the wounded americans
They were bleeding on the sacks.
We handled them roughly
and they seemed to deserve it -
there in the square beneath
the scrawled obelisk and its idiot thrust
toward a drained sky. Its shadow
fell into them like a clockhand,
swiping chunks of time from their hides.
One lurched on tiptoe,
his blasted heel swaddled in gauze.
All of the air hung still and stung the lungs.
A trash cart squeaked by behind its burro,
up from Baja through stinking chapparal dust.
Their kids scrambled toward it,
eyes roving for anything shiny, lips puckered
for dugs, heads dented by a doctor's tongs.
They were the next American hatch.
The elders watched for those that might make it.
They began to tell their story.
It was one story and seemed to fit them all.
They tilted toward the speaker, who changed
as the story shifted from mouth to mouth.
It was a long story. I drifted in and out of it,
like a cormorant skimming a harbor.
They told of hot rain that fell
on the boy who entered the murmuring
forest, prairies flecked with zinnia,
the spangled estuary rushing inland
to mill towns; they told of a priest who
with a jagged bottle-half severed the tendons
of his member, which swung sapless as a polyp;
they told of the spires which became visible
come August and pollen clouds
blown from scotch pine, and the flock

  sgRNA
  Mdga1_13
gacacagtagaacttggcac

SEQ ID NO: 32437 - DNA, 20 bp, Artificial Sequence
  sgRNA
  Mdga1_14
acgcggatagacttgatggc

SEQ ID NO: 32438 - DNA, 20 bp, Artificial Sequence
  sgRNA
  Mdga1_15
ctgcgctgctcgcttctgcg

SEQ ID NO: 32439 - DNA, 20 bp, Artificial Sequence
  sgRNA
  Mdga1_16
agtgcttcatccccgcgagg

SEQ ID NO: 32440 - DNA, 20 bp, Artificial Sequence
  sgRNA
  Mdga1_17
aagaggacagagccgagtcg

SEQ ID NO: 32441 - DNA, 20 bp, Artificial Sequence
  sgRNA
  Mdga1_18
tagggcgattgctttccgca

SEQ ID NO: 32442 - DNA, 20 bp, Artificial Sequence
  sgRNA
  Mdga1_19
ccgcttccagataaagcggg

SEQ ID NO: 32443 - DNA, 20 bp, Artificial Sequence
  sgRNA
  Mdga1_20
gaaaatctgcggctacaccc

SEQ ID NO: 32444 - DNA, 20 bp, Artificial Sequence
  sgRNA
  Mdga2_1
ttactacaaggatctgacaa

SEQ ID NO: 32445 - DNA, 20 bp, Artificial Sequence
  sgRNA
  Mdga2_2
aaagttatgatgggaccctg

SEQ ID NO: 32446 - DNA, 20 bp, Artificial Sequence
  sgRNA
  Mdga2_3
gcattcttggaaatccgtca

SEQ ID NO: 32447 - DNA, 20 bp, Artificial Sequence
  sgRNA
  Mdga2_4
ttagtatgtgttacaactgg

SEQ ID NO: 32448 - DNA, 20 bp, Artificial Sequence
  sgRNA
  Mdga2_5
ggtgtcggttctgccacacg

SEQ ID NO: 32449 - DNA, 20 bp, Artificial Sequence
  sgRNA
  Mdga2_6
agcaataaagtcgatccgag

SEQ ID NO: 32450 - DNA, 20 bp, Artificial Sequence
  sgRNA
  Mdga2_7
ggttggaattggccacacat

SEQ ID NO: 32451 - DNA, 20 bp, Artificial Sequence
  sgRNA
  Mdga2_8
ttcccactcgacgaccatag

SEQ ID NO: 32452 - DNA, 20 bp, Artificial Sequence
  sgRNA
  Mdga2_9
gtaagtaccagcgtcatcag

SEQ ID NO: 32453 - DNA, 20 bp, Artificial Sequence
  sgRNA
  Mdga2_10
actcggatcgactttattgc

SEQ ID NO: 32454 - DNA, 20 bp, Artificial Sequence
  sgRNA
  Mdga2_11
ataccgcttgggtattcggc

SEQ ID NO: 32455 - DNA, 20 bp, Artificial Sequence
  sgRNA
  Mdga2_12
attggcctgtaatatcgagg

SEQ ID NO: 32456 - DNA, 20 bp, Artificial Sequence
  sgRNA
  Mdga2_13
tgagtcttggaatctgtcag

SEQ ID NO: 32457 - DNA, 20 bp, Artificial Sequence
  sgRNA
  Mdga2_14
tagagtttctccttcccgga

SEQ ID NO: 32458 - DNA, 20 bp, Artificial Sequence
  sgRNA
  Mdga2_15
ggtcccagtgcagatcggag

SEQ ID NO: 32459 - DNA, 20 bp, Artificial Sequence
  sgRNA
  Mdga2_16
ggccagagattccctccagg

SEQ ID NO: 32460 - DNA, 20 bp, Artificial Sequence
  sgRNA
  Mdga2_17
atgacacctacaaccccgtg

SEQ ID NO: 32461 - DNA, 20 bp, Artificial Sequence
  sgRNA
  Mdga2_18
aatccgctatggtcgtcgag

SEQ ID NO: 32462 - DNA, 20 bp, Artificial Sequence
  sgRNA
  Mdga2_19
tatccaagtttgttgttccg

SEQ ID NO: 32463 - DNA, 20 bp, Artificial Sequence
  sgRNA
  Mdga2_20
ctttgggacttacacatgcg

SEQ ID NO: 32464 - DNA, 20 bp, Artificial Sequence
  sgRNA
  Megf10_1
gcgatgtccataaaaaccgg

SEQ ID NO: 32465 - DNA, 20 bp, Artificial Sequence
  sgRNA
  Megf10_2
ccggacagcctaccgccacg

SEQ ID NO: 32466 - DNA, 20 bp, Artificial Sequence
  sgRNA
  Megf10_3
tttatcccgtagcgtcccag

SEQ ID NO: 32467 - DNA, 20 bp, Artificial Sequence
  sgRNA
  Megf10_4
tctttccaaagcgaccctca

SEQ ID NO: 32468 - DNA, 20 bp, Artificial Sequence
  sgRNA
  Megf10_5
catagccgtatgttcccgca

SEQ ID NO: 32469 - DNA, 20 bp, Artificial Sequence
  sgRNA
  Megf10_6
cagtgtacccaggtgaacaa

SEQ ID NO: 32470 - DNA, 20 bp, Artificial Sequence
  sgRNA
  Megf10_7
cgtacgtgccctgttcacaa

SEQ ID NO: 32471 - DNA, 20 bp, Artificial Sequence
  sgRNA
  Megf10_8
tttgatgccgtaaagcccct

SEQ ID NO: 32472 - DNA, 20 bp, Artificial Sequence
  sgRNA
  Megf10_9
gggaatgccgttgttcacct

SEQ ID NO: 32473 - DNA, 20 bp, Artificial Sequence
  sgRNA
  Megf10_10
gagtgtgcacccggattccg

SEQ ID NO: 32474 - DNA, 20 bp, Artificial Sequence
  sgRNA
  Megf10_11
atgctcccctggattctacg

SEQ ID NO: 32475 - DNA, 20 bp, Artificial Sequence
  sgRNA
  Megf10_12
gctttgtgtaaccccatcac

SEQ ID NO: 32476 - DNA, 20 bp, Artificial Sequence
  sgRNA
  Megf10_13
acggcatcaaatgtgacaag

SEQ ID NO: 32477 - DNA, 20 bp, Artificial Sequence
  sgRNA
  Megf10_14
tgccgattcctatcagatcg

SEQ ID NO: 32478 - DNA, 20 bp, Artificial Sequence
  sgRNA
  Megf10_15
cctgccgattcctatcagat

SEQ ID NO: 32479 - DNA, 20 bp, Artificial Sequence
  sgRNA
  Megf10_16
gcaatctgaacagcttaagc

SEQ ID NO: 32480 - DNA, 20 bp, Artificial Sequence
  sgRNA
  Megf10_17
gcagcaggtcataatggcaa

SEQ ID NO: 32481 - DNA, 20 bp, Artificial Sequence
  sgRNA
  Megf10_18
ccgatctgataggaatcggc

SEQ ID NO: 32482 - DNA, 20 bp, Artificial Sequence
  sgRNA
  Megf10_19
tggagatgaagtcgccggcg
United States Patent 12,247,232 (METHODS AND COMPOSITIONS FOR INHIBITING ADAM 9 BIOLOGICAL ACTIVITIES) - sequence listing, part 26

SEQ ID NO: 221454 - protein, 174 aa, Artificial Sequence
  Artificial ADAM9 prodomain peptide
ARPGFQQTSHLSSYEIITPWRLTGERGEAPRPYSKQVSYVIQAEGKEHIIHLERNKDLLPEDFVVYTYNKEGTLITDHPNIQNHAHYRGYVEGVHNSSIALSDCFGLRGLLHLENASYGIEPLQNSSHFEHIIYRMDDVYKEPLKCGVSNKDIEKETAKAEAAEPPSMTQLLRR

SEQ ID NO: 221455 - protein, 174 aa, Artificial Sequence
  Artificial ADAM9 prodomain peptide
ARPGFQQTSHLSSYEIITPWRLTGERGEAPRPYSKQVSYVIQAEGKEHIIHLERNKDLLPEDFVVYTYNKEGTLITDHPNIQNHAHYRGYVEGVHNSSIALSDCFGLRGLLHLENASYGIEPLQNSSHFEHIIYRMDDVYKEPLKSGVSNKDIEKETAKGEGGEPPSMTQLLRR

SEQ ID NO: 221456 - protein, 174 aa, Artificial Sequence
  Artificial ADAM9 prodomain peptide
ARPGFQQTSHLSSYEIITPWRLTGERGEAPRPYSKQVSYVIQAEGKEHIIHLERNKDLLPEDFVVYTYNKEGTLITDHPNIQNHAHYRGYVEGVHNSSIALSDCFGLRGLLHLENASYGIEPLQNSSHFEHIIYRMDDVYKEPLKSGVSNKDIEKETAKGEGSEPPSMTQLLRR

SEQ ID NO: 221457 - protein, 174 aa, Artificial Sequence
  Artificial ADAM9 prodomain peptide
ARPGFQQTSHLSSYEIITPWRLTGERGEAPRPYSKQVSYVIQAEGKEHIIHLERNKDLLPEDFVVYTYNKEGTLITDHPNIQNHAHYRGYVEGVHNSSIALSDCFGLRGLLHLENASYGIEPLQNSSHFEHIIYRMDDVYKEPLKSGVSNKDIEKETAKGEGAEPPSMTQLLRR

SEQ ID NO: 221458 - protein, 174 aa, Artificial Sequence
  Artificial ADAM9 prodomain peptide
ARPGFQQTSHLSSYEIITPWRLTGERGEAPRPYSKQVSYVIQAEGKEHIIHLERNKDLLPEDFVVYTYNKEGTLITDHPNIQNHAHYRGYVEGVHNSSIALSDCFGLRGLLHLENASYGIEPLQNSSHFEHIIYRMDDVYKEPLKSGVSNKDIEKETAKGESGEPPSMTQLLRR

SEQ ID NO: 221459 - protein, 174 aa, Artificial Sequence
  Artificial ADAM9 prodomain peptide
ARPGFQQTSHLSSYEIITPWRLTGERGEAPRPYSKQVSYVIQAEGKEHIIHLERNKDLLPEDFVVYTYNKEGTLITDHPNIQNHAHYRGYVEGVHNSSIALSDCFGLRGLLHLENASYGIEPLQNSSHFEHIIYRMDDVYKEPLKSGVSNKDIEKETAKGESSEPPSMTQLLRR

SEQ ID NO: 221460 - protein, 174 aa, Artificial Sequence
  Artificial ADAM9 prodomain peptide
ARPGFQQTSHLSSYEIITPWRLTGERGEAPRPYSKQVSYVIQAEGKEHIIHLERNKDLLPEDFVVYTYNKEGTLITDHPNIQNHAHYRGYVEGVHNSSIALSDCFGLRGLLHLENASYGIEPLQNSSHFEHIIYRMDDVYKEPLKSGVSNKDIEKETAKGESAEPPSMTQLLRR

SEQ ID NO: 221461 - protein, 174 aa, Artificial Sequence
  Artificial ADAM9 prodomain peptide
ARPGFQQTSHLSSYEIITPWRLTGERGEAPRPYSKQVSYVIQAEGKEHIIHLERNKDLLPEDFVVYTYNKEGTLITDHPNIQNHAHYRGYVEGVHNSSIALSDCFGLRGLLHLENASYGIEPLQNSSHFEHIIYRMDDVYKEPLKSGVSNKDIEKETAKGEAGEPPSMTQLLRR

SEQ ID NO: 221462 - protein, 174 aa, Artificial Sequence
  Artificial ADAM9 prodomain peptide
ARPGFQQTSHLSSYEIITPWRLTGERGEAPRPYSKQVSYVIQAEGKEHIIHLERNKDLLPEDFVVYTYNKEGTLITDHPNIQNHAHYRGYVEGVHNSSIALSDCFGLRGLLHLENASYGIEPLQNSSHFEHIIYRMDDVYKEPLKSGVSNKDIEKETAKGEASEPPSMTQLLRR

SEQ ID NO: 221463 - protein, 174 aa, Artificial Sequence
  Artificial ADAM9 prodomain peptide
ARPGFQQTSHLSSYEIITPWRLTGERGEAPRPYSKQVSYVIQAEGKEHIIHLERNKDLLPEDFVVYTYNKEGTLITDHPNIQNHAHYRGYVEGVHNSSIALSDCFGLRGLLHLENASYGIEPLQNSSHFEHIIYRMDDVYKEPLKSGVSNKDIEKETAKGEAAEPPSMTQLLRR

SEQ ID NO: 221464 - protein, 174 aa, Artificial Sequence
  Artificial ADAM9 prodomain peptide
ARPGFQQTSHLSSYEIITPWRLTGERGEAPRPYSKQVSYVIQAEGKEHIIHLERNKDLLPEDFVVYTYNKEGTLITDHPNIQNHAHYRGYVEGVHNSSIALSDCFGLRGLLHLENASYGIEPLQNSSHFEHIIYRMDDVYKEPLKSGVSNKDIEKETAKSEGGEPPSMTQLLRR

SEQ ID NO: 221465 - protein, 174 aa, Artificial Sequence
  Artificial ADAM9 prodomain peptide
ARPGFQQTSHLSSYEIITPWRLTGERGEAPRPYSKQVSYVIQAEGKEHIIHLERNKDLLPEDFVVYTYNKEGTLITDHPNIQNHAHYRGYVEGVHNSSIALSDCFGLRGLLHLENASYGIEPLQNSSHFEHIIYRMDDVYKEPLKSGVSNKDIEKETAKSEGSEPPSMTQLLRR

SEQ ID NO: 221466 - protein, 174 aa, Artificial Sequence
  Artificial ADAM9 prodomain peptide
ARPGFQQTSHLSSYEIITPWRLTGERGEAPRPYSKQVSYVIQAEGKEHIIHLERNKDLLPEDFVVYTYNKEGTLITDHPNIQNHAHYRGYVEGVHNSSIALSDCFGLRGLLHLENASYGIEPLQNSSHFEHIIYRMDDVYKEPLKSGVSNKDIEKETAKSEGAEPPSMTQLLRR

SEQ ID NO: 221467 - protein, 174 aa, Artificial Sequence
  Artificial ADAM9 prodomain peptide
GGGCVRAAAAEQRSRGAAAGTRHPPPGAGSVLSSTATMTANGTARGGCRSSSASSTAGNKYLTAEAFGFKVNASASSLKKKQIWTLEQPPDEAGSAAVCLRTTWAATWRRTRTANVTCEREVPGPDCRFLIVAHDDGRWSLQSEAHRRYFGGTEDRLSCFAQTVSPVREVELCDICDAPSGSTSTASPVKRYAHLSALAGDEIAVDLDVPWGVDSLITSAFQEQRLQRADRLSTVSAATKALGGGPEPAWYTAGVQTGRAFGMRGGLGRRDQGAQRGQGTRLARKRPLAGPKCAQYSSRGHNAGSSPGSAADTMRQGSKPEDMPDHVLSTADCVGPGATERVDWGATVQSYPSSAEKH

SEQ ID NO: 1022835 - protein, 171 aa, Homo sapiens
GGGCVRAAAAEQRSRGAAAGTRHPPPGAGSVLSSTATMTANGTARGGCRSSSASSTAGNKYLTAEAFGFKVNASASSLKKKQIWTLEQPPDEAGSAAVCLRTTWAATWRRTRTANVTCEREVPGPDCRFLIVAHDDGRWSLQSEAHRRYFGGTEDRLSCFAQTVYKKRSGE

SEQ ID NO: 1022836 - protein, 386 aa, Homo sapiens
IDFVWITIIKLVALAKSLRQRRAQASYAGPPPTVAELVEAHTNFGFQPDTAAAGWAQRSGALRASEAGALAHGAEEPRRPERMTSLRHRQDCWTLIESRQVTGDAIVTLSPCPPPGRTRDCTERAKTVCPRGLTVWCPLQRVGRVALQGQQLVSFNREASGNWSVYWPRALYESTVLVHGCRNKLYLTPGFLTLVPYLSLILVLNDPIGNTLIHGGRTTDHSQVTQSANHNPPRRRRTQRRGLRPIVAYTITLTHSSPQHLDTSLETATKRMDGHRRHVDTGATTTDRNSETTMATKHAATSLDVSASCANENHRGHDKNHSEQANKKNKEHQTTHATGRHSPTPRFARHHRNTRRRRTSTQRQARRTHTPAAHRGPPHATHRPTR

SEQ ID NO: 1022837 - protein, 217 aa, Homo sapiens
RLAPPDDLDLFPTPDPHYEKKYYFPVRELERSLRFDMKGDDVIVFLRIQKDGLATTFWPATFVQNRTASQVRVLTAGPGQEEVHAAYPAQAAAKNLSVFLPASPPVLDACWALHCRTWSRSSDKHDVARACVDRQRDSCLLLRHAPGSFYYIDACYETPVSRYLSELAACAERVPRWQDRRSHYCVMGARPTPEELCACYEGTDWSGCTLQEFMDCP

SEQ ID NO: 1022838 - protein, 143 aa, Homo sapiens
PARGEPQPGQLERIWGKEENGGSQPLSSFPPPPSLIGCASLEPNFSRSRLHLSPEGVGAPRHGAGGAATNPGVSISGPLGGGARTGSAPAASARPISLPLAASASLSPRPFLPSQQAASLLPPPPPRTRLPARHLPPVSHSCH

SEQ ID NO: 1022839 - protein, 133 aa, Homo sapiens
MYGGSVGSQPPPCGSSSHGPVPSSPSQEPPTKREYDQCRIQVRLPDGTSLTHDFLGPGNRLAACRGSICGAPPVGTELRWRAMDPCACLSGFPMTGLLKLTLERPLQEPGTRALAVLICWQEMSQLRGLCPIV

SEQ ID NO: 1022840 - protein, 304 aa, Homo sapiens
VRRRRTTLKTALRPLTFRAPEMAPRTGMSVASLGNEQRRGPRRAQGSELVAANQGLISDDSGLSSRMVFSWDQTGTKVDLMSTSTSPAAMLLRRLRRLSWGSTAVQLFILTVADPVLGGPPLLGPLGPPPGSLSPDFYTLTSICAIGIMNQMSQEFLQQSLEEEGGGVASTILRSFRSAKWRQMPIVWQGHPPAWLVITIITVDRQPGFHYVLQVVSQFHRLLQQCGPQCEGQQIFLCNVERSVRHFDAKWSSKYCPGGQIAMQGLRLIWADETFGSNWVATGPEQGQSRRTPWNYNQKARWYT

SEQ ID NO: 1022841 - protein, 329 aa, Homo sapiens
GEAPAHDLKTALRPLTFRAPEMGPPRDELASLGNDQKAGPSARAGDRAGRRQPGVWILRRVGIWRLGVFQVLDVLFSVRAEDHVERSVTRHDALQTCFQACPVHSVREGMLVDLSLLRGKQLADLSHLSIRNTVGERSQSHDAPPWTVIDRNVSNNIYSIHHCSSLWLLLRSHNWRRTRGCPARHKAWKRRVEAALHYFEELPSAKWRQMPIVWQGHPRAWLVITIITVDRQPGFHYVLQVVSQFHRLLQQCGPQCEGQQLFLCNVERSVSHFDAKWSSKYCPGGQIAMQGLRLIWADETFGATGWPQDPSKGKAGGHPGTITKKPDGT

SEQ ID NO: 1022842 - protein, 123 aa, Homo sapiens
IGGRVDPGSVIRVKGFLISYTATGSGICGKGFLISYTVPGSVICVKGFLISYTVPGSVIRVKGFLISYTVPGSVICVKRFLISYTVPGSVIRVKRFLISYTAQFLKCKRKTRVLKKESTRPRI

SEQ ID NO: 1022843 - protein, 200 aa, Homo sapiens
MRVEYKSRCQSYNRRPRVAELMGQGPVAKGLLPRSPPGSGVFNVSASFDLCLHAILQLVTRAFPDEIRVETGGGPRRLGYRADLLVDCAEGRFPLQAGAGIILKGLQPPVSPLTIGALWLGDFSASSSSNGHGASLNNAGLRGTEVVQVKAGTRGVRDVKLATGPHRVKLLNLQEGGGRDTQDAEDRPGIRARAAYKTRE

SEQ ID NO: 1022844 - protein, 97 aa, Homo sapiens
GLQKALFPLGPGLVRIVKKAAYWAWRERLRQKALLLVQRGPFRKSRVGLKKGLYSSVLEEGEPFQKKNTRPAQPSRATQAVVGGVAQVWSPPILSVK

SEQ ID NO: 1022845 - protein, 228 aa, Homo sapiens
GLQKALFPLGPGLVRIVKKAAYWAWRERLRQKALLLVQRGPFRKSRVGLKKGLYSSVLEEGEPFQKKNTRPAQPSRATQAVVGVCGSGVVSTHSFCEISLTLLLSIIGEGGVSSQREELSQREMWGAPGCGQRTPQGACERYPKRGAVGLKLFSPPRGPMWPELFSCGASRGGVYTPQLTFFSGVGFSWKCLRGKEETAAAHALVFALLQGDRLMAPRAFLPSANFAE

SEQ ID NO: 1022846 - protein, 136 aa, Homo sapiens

they pulled behind them in a wheeled cage.
There they were, staining the shale,
waiting for any gust of strength.
I saw the artery that linked them.
Some were kneeling. One fed
millet to a macaw, which flapped
and croaked. They leaned against
each other as if it were the last
thing to do. Were they out of work?
Out of meat? Their story continued
sporadic as starswirl floated through night.
I saw one combing another's head.
What did they want? What did we
want from them? All our want
got ragged, broke and drifted
like a scrim above our gathering.
Where was our next dwelling?
We sunk sleepward.
ben nez the winged
told me to be calm and I tried.
Told me to burn my shirt, stained
with salt rings and stale sweat.
Told me to burn the straw inside
the violin case protecting the glass cube
within which was a cocoon plucked from
a verdant sprig abloom on Asian hills.
Before the valley was smote by passage.
Before the placentas of the women emerged
gray and splotched. He told me.
He touched my neck, which trembled
like a pipe carrying smoke under a mountain.
I threw a handful of gravel at the mirage,
which stayed. I wanted to be protected.
He told me nothing could be. He himself
was naked and large, a pale
mushroom from some barren zone.
He looked like he didn't have any bones.
He told me his roots grew inward.
He wore a makeshift crown of shingles
ripped from the plunder of the last village,
bound by a vine dangling withered leaves.
He wore it over his bald and peeling scalp.
I pointed to his crown: that's protection.
He told me it was an offering, that every-
thing was federated in a general sacrifice.
He was sweating and drawing up tufts
of parched grass and stuffing them in his sack.
The sun was very very hot and we hung in that land
like game skewered above the makeshift pyres
of splintered carts. I brooded and backed away.
To avoid a quarrel? Because I wearied of what
he told me? I didn't know. I slid away on my rail,
he on his, each to his own traversings, each
with his own idea flickering in the great dark.
But he called to me over the cooling dunes,
a strip of sunset on the rimrock.
He told me to be prepared and I wasn't.
He told me he'd come to suck in my last exhale.
Now I drag my boots to smear my tracks.
I tear feathers from chickens.